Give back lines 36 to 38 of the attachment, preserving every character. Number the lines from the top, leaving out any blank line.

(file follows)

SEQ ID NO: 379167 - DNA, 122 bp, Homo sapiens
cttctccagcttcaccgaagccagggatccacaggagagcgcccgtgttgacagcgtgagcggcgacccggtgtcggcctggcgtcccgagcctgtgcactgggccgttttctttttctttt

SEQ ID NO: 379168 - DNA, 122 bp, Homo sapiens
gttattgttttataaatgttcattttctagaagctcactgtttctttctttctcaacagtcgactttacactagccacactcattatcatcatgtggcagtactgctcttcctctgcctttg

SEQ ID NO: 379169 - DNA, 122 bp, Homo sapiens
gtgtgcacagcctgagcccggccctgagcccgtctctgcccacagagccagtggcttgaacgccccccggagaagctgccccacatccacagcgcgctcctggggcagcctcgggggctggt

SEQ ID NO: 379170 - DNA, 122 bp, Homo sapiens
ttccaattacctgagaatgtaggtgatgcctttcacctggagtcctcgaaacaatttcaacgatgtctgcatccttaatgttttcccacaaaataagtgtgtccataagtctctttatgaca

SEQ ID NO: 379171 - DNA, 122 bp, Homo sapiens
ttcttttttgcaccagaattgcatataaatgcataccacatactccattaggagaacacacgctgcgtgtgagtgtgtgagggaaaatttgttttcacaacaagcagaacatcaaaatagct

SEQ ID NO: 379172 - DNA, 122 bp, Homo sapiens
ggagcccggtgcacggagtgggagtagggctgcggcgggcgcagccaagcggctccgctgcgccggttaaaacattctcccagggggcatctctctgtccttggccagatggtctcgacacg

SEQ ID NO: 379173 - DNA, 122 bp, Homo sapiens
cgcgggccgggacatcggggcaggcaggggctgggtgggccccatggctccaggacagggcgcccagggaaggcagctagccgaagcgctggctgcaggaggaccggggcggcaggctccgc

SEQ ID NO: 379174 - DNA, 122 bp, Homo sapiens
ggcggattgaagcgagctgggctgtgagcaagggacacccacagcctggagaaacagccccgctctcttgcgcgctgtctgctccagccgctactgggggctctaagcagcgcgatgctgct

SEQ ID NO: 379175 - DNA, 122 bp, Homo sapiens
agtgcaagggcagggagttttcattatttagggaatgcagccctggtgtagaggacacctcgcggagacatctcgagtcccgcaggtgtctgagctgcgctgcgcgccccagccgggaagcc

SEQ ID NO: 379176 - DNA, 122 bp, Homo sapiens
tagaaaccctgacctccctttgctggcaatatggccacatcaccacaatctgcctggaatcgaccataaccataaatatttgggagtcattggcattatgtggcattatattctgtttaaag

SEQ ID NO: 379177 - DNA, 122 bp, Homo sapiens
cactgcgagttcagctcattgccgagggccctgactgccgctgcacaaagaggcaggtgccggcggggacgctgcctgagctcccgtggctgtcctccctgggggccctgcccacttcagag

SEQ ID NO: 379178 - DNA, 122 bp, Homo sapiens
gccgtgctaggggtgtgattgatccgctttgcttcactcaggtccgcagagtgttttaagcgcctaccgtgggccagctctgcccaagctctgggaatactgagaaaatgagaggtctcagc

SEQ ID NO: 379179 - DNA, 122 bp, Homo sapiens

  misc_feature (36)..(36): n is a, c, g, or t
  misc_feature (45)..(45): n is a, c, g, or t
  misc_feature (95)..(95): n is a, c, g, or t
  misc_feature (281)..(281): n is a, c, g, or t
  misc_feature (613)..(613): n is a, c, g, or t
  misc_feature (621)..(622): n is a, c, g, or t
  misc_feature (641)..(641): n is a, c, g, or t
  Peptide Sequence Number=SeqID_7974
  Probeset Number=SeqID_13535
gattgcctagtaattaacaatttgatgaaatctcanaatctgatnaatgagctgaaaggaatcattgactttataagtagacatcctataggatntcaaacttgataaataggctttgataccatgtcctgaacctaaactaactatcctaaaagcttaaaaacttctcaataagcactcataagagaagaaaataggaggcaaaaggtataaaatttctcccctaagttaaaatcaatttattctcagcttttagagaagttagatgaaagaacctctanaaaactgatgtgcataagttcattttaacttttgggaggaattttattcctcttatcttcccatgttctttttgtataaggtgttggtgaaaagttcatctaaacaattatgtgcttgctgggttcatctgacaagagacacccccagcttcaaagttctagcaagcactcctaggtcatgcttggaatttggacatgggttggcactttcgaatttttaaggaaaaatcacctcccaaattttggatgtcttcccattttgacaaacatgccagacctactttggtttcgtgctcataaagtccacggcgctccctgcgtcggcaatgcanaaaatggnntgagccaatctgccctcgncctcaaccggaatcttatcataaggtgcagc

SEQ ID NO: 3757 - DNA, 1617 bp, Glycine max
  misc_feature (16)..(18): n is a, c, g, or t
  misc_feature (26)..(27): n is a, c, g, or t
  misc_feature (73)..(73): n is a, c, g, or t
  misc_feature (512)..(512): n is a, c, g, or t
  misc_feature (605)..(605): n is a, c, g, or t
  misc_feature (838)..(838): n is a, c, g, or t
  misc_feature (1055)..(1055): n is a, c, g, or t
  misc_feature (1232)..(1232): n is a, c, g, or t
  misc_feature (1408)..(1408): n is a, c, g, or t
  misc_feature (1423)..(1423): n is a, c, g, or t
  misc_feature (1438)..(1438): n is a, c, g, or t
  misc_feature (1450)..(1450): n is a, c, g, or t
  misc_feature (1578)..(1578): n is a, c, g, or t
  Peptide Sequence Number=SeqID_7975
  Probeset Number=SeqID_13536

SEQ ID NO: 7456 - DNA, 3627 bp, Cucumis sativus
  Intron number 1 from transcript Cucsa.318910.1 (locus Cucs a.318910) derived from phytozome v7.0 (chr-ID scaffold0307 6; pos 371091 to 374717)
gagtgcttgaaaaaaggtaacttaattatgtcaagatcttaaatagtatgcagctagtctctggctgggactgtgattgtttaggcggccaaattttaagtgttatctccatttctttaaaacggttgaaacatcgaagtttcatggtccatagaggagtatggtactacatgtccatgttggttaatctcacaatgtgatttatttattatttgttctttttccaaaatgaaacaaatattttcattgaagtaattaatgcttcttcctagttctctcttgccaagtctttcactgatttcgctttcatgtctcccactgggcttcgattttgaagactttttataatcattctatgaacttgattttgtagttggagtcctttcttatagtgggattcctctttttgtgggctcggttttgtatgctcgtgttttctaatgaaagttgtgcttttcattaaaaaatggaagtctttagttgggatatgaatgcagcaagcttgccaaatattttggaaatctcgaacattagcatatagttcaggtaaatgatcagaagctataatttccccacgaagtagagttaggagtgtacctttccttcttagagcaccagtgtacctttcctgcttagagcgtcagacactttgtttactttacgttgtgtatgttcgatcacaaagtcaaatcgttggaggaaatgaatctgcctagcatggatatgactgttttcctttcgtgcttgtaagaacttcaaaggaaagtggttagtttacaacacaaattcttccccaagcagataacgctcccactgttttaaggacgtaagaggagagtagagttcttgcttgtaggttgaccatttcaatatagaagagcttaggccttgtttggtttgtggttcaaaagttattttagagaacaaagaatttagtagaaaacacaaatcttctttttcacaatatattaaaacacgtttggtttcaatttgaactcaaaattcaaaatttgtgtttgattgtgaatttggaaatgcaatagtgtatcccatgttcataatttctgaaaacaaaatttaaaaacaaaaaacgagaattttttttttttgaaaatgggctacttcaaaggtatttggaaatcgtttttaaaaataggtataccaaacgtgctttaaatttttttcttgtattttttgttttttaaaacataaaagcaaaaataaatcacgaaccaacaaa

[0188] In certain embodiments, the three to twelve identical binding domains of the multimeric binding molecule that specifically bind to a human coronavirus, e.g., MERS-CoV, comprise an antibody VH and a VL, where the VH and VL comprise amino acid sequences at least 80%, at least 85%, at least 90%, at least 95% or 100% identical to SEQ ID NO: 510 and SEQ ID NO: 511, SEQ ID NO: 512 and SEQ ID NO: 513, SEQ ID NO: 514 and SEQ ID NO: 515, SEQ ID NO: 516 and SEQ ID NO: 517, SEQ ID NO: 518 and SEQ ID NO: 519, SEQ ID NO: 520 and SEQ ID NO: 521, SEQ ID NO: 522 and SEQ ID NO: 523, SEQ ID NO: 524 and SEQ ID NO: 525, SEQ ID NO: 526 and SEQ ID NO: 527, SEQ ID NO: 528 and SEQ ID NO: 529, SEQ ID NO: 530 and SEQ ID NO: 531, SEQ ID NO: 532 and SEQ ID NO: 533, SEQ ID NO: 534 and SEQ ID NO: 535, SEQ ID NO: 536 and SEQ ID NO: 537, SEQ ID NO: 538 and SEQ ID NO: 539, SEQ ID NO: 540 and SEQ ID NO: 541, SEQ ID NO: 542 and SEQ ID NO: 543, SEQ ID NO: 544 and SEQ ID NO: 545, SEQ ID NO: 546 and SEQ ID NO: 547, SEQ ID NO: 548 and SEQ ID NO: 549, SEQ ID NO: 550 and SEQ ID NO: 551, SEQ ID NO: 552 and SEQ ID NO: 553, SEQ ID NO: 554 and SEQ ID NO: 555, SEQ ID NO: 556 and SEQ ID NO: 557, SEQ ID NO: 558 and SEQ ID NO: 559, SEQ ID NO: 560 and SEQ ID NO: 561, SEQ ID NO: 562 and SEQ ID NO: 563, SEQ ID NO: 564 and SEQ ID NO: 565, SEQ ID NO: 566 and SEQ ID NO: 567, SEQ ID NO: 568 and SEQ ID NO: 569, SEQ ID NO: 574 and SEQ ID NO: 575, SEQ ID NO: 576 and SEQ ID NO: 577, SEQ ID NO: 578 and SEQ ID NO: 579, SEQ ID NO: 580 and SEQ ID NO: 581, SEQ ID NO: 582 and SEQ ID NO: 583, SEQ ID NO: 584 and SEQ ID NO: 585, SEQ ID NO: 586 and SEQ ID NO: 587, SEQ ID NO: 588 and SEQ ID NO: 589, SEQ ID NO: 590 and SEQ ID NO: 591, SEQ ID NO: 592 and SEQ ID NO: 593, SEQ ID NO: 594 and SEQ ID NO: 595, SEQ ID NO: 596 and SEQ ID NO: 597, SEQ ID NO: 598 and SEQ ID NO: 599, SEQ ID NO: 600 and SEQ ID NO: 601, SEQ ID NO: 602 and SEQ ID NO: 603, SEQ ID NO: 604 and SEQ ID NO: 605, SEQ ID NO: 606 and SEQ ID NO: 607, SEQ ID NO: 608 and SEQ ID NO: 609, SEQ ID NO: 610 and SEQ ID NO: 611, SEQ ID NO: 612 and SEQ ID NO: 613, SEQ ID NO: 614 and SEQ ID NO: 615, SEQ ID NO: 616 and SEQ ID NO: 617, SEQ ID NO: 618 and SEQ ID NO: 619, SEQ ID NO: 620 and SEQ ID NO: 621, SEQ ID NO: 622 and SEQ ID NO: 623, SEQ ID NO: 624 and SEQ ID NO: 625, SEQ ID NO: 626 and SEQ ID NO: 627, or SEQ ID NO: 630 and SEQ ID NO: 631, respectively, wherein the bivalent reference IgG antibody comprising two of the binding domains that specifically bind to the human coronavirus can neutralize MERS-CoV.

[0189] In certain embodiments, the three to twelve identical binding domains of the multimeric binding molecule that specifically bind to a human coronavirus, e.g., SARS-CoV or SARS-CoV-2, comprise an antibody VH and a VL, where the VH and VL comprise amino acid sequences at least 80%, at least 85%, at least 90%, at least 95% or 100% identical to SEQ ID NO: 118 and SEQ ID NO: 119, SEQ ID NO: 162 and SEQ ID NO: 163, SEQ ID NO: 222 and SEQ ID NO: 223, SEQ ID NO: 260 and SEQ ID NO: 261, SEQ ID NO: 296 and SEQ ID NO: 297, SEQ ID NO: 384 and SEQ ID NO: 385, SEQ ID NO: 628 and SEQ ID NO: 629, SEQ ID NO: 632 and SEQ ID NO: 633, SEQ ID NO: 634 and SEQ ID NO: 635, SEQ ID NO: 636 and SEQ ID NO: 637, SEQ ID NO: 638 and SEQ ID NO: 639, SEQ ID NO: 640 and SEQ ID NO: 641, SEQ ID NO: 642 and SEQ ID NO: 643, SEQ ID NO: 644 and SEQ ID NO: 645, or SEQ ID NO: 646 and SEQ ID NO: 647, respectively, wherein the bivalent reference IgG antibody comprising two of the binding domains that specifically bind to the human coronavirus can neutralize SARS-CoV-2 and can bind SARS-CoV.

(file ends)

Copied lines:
SEQ ID NO: 3757 - DNA, 1617 bp, Glycine max
  misc_feature (16)..(18): n is a, c, g, or t
  misc_feature (26)..(27): n is a, c, g, or t